Read this chapter. When government decides to act, it mostly does so through public policy, which is a specific course of action that government takes to address a problem, such as the federal budget deficit. A public policy can be conveyed to the public in the laws passed by Congress and signed by the president, opinions issued by the Supreme Court, and/or rules written by the executive branch. In many ways, public policy tells the public who gets what – and when and how – from government.

Page The Policymaking Process

Watch these lectures on the policymaking process and the specific issues involved in creating domestic policy. Part One covers health and environmental policy, and Part Two covers energy, welfare, immigration, and criminal justice. While watching the videos think about what makes policy making a process.

6.2.1: Theories of Economic Policy URL Theories of US Economic Policy

Read this article. Differences of opinion on how government power should be used are usually based on competing philosophies about how much government should be involved in regulating the economy.

6.2.2: The Federal Budget Process Page The Budget

Watch this presentation to learn more about the budgetary process in American government. Deciding the federal budget is a complicated and often contentious process involving the presidency and Congress.

File Jessica Tollestrup's "The Congressional Appropriations Process: An Introduction"

Read this report, which examines the roles of Congress and the President in developing the yearly federal budget.

Page Government's Financial Condition and Deficit and Debt Ceiling

Watch the first video, which discusses the difference between US debt and operating costs and how the government's large financial obligations (popularly referred to as "entitlement spending") can create burgeoning deficits. Then watch the second video, which explains the basics of the federal deficit, debt, and the debt ceiling.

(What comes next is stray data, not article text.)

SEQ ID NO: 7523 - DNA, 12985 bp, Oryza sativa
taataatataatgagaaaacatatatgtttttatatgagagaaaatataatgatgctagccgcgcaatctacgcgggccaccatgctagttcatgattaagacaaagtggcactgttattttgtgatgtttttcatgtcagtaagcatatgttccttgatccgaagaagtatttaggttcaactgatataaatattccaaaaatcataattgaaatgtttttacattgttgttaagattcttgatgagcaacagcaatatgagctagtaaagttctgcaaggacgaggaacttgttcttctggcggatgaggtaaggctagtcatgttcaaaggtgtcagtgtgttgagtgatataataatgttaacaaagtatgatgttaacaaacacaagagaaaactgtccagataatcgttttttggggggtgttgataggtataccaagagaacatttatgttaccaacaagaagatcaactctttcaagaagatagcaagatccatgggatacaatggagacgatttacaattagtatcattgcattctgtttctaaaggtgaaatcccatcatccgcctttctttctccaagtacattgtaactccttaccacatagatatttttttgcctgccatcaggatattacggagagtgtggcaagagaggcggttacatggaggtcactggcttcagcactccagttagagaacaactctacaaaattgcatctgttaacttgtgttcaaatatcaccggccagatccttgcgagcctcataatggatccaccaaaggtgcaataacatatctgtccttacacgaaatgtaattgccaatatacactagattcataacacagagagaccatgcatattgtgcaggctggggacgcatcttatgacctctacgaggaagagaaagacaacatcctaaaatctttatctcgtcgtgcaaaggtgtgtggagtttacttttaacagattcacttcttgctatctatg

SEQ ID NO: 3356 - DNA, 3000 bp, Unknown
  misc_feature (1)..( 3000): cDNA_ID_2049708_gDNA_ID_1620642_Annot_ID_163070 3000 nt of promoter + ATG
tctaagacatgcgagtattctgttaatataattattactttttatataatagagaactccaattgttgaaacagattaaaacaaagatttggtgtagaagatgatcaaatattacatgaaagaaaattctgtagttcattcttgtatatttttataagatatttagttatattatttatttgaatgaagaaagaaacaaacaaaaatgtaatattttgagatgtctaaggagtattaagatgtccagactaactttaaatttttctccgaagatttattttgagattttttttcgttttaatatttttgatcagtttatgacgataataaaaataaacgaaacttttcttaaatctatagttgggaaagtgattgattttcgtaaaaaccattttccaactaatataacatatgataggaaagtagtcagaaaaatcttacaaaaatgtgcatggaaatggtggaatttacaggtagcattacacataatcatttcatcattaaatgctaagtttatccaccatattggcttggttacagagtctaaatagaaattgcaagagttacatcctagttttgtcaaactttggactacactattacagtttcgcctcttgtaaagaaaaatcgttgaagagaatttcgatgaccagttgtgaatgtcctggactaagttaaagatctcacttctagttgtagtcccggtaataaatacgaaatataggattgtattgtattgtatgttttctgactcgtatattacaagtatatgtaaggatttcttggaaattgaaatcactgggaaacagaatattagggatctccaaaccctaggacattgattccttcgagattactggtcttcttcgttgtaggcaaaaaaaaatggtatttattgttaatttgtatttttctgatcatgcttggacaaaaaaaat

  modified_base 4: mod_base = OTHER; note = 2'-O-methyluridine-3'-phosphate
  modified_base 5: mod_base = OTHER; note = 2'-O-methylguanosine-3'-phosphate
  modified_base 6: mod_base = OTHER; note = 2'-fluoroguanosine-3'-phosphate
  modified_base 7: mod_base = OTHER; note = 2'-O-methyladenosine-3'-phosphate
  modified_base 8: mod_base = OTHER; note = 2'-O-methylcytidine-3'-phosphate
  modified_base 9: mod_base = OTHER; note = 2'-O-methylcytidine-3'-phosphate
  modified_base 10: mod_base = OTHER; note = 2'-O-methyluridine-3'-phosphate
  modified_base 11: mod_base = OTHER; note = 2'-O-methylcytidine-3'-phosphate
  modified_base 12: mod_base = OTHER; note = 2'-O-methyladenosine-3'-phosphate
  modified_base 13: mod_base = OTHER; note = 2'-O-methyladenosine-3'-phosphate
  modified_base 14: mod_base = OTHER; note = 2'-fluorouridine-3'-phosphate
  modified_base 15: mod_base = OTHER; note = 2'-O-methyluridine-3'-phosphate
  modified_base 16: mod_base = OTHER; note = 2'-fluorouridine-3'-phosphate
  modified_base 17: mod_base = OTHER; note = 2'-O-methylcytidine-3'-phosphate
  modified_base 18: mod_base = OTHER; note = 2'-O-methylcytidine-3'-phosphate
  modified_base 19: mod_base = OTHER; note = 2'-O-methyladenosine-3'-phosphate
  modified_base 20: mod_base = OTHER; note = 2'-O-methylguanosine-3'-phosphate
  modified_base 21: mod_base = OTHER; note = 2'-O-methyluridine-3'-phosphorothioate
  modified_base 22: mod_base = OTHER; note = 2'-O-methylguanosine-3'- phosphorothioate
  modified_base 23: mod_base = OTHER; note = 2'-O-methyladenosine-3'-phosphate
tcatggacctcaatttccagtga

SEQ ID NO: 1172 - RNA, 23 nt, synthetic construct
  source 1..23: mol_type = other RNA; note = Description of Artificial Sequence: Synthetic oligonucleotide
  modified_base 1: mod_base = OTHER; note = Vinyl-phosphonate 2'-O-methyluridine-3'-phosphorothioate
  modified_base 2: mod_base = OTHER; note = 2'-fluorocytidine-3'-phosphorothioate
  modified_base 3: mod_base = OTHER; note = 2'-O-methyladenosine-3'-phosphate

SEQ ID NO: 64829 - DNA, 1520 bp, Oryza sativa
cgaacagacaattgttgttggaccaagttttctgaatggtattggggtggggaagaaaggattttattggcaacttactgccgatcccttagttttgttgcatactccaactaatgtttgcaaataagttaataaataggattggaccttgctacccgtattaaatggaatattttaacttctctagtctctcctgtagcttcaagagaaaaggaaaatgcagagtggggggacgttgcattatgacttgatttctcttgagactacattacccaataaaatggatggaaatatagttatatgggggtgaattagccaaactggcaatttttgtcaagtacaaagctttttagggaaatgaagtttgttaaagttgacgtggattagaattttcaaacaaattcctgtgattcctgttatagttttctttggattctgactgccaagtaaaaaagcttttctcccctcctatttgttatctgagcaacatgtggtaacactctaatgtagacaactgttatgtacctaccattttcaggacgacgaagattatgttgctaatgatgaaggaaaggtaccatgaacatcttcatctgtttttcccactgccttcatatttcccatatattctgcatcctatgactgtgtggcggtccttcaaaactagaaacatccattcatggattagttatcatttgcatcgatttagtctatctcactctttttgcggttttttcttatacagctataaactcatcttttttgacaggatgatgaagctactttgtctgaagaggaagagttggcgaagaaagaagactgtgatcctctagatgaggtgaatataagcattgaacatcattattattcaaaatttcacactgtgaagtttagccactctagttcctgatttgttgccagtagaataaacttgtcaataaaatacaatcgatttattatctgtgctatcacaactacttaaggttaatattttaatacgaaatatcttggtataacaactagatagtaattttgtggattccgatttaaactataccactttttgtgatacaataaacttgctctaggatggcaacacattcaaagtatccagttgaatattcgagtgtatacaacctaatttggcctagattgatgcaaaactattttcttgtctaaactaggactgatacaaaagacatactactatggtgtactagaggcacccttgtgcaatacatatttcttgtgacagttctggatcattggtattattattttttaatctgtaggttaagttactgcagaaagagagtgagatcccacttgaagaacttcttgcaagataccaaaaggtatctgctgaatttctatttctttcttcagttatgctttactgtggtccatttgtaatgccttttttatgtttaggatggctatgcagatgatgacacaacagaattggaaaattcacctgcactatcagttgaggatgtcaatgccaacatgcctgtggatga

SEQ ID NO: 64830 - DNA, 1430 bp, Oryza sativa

6.3.1: Federal "Entitlement" Programs Page Social Security Intro and Medicare Sustainability

Watch the first video, which explains how Social Security works. As you watch, think about governmental concerns over the program's long-term sustainability. Is privatizing Social Security, as many public officials have called for, a good idea? Then watch the second video, which discusses how Medicare works and provides a critique of the program's sustainability and financial viability over the long term.

URL Social Security Administration: "Historical Background and Development of Social Security"

Read this overview of the history and development of social security in the United States. Pay close attention to where and why Social Security began and how it has been reformed over time. The US Social Security program is the largest government program in the world and the single greatest expenditure in the federal budget.

URL Centers for Medicare and Medicaid Services: "History"

Read the brief overview of Medicare and Medicaid – two governmental programs that provide medical and health-related services to low-income and elderly citizens. They are the largest "entitlement" programs in the United States. Then, download and read the Key Milestones in CMS Programs.

6.3.2: Public Assistance and Welfare Reform URL Center on Budget and Policy Priorities: Liz Schott's "Policy Basics: An Introduction to TANF"

Read this article on the Temporary Assistance to Needy Families (TANF) Program. TANF became law in 1996 when President Clinton promised "to end welfare as we know it". TANF represents the most comprehensive social policy reform since 1935. The most significant change under welfare reform is that states, not the federal government, use TANF funds to operate their own programs, with minimal federal oversight.